Tyres are usually taken for granted until the road puts them to the test. It’s the tyres that stop the car. When it comes to safety, tyres are one of the most important components of your vehicle. The brakes stop the wheels, not your car! It’s actually your tyres that stop it.
The tyres of a car don’t receive the respect that they deserve. Being one the most important and critical parts of a vehicle should count for something right? A tyre is the only part of the car that is in direct contact with the road and a big reason behind the overall performance, stability, and speed of a car.
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When fitting a car tyre, there are certain precautions that you must take. This article will discuss them in-depth.
Changing Tyres near a Busy Road
Sometimes you may get a puncture while driving through a busy road. If that happens then you must ensure that you pull over somewhere safe and flat before attempting to change your tyre. Make sure that you park your vehicle somewhere that will not disrupt other motorists and set up a warning triangle 50 metres behind your vehicle.
When you are safely parked, switch on your hazard warning lights and put your handbrake on. Place your wheel chocks behind your tyres (if available), except for the one you are changing to prevent the car from rolling.
Things to Know When Removing a Tyre
Before removing a tyre, take note of these things:
- Loosen wheel nuts before lifting a vehicle off the ground.
- Raise the vehicle only a few centimetres (one inch) from the floor when doing operations on a freewheel or frame-contact lift.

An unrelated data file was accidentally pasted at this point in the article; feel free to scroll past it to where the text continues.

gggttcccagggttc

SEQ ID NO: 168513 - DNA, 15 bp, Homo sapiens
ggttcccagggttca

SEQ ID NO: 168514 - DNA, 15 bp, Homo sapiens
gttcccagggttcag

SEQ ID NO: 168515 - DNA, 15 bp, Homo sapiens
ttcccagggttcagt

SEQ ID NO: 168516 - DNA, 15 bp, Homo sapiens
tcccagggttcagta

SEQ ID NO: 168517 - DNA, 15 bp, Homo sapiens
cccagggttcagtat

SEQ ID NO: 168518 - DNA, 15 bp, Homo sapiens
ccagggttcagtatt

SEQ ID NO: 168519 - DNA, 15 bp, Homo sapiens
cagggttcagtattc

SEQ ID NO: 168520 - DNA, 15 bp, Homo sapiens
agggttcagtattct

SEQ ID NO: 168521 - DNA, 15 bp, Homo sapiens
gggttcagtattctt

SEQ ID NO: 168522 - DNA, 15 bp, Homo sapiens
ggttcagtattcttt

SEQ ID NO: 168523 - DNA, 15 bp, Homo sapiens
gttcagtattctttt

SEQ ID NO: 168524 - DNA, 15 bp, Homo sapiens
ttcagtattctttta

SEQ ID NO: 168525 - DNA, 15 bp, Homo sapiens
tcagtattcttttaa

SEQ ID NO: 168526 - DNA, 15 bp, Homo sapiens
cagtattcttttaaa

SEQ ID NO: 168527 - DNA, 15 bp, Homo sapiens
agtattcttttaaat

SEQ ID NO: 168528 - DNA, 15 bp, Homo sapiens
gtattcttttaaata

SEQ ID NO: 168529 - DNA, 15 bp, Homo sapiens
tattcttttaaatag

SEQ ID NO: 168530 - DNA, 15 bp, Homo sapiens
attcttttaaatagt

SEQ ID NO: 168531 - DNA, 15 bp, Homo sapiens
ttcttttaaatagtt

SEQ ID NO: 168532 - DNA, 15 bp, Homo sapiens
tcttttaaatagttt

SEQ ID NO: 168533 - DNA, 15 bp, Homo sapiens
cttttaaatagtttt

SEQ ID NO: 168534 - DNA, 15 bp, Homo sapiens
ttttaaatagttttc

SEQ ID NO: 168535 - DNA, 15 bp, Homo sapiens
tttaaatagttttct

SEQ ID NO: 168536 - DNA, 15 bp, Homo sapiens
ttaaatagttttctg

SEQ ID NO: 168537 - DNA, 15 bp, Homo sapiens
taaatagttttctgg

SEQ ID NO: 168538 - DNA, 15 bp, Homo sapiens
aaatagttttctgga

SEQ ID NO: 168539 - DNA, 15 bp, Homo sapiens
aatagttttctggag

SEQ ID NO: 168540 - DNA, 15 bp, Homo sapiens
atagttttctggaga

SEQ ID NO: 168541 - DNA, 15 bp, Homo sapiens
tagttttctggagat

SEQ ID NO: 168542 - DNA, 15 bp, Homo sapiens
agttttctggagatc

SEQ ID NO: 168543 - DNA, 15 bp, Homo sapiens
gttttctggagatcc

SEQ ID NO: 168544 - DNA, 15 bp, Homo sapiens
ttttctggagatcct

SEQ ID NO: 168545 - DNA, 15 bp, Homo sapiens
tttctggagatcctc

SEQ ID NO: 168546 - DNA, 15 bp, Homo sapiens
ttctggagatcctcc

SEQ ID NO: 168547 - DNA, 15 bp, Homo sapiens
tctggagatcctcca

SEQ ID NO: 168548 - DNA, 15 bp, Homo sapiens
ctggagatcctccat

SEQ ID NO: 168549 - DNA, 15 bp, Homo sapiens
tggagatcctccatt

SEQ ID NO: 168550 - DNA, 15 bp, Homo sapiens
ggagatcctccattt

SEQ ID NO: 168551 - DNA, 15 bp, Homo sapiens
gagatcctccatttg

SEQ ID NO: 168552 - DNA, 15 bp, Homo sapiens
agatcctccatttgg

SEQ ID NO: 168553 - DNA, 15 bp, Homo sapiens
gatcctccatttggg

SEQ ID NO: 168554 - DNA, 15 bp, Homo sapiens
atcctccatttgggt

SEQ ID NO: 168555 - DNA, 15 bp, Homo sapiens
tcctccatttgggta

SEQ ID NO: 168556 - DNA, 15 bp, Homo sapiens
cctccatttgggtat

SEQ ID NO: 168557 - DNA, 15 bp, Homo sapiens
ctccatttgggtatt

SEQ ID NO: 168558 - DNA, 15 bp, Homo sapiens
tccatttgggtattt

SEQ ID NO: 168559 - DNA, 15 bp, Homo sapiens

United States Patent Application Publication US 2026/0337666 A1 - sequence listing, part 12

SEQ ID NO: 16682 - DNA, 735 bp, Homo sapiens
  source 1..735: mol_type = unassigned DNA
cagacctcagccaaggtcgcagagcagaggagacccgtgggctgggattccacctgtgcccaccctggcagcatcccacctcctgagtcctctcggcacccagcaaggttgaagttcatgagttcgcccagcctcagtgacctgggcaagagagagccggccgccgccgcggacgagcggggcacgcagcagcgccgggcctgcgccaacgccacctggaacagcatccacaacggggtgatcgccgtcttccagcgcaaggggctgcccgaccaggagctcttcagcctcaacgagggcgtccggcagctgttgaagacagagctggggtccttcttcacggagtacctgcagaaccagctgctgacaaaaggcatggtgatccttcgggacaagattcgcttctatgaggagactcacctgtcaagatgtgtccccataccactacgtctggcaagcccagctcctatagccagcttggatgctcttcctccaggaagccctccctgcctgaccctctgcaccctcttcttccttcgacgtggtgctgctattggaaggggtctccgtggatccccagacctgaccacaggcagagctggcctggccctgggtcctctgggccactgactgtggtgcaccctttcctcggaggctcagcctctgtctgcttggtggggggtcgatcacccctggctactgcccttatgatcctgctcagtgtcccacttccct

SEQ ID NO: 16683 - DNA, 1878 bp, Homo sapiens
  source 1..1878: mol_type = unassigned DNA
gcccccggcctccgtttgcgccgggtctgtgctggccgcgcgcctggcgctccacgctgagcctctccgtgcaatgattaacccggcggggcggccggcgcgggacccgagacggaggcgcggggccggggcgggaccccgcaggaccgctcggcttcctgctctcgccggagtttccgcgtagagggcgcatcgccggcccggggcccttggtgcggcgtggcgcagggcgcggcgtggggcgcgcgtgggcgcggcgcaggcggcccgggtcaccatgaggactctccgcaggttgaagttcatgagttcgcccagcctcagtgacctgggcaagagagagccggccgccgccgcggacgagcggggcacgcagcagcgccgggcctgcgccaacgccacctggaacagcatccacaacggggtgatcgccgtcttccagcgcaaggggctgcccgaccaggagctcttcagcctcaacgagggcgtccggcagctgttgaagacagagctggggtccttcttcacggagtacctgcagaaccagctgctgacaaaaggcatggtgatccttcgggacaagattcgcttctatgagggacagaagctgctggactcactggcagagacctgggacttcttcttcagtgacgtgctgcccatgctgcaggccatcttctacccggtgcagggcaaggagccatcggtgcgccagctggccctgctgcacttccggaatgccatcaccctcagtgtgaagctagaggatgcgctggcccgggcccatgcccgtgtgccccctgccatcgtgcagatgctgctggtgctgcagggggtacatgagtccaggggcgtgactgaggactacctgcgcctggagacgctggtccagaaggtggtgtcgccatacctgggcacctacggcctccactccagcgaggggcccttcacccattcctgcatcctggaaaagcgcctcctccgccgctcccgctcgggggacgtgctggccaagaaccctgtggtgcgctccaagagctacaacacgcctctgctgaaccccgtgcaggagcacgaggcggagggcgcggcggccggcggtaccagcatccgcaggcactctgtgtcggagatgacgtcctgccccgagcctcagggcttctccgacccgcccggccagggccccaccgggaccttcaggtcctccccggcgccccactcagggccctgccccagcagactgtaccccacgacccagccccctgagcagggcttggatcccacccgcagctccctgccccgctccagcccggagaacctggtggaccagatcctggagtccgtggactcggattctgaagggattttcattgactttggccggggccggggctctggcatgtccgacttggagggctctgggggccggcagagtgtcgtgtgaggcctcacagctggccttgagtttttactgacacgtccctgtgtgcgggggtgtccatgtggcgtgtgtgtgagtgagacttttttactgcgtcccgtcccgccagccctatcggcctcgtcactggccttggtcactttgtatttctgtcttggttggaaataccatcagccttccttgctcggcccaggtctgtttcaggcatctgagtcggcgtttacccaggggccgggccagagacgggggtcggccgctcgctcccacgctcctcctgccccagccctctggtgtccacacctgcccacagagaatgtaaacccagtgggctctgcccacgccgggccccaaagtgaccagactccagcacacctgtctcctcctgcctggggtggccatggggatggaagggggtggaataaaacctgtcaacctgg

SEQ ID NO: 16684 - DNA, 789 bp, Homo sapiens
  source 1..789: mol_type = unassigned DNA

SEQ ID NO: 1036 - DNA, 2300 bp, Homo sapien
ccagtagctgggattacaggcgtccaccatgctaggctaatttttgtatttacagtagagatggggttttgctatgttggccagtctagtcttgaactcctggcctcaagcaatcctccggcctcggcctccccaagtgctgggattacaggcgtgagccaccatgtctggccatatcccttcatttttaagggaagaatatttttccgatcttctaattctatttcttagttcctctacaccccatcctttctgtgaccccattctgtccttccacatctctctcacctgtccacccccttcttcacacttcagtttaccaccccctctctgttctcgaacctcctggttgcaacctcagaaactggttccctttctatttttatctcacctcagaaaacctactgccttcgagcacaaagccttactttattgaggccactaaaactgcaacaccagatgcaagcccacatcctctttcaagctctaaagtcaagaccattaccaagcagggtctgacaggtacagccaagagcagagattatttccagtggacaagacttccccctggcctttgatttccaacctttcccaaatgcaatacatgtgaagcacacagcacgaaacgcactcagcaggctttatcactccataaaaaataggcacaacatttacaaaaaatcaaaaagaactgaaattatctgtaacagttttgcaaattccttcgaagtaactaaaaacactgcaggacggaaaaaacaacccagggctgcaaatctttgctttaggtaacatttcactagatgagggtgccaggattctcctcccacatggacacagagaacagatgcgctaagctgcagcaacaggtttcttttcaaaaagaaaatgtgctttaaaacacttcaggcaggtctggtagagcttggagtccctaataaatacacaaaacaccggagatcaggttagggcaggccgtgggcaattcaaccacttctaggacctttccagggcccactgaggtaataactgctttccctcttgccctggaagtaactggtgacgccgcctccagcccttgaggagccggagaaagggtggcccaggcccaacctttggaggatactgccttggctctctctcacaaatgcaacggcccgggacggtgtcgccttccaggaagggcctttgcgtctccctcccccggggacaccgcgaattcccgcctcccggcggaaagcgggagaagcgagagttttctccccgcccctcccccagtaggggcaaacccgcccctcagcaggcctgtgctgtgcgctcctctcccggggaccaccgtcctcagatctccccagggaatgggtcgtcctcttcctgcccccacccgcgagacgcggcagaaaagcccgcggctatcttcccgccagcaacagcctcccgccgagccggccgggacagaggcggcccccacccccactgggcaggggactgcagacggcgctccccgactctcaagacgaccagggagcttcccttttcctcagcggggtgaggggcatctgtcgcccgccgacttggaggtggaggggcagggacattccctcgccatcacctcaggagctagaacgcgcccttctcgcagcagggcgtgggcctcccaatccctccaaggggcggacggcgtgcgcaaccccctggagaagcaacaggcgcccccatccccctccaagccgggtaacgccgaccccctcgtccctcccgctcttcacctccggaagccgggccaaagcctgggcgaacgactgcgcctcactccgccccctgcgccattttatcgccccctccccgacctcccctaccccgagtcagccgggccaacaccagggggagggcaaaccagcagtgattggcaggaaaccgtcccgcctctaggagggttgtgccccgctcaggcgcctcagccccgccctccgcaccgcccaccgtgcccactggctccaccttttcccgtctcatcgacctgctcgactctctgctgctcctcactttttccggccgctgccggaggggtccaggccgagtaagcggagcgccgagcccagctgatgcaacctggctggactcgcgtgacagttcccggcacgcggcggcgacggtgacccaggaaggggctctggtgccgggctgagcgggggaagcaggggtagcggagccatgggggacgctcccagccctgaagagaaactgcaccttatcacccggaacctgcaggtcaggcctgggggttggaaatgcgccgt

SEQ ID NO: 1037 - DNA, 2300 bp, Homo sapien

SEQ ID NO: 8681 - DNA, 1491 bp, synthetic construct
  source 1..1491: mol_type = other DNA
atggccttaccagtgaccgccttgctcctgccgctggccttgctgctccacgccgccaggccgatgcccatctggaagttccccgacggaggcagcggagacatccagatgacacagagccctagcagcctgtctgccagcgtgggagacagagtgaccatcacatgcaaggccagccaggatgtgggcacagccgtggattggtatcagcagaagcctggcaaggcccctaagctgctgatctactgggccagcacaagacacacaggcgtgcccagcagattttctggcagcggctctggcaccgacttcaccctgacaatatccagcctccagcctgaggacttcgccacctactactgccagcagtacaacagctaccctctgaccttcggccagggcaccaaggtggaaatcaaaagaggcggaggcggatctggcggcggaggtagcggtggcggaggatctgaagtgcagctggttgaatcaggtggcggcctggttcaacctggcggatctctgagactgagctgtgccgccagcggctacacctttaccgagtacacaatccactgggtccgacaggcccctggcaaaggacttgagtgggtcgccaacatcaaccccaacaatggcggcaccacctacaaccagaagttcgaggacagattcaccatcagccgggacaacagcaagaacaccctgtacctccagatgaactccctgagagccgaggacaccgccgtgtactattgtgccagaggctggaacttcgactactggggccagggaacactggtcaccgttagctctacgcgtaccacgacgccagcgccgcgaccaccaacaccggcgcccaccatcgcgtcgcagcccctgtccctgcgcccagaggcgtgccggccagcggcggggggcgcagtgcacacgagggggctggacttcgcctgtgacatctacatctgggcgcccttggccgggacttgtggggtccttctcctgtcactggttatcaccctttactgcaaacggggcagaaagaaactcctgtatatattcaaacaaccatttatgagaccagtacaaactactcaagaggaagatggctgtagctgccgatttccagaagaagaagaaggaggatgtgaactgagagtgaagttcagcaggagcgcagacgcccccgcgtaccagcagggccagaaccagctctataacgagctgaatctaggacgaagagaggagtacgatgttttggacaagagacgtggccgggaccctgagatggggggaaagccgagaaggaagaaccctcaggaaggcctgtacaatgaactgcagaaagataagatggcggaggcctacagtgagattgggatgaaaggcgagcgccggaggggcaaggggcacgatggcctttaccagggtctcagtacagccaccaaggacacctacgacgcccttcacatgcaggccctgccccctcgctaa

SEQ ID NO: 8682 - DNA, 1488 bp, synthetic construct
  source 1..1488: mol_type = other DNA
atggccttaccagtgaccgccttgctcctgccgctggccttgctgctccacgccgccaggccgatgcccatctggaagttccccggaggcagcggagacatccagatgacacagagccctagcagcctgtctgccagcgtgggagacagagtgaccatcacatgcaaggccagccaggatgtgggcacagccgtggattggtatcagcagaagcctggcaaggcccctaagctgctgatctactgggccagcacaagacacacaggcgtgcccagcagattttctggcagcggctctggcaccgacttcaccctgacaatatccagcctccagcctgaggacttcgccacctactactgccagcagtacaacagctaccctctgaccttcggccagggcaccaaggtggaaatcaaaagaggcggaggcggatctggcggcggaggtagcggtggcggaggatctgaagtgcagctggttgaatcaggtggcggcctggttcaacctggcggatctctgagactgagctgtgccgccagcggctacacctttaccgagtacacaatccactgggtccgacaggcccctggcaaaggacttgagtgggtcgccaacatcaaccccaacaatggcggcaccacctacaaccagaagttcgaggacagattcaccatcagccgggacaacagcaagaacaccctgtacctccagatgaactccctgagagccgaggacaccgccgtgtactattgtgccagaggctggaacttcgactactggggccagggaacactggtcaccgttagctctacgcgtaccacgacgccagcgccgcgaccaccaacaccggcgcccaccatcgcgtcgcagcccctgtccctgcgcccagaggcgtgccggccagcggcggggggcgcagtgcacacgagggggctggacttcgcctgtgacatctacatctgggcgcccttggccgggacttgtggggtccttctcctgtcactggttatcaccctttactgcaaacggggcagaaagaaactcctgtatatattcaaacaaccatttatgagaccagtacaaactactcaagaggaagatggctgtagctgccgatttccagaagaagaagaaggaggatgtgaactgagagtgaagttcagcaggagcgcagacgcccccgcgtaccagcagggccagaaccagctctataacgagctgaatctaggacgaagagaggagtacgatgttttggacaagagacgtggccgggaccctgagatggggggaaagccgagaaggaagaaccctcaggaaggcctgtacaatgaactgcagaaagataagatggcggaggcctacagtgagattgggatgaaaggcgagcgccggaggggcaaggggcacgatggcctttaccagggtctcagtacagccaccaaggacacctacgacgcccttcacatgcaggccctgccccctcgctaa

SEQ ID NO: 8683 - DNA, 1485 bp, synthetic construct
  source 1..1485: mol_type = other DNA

- Block a vehicle securely on a lift to prevent rolling.
- Remove or replace the wheel from a squatting position. Minimize back strain by not bending forward.
- Do not place hands or wrists under the wheel while a vehicle is suspended.
- Do not service split rim-type tires unless specifically trained in their repair and hazards.
If you don’t know much about tyre removal, replacement and inflation then don’t tackle them yourself. Let trained professionals handle them. The main hazards which can occur include:
- Manual handling injuries, which make up for nearly half of all tyre-related incidents reported.
- Tool-related injuries (which make up a quarter of incidents), especially from tools like tyre levers.
- Compressed-air accidents. Inflated tyres contain a large amount of stored energy, which varies according to the inflation pressure and the surface area of the tyre. If the tyre fails, an explosive force can be released at an angle of up to 45 degrees from the rupture. This has resulted in numerous fatalities over the years.
These are some of the things that you need to keep in mind before or during a tyre fitting. If you have experience and want to save money then you can do it on your own. If not then let a professional handle the job for your safety.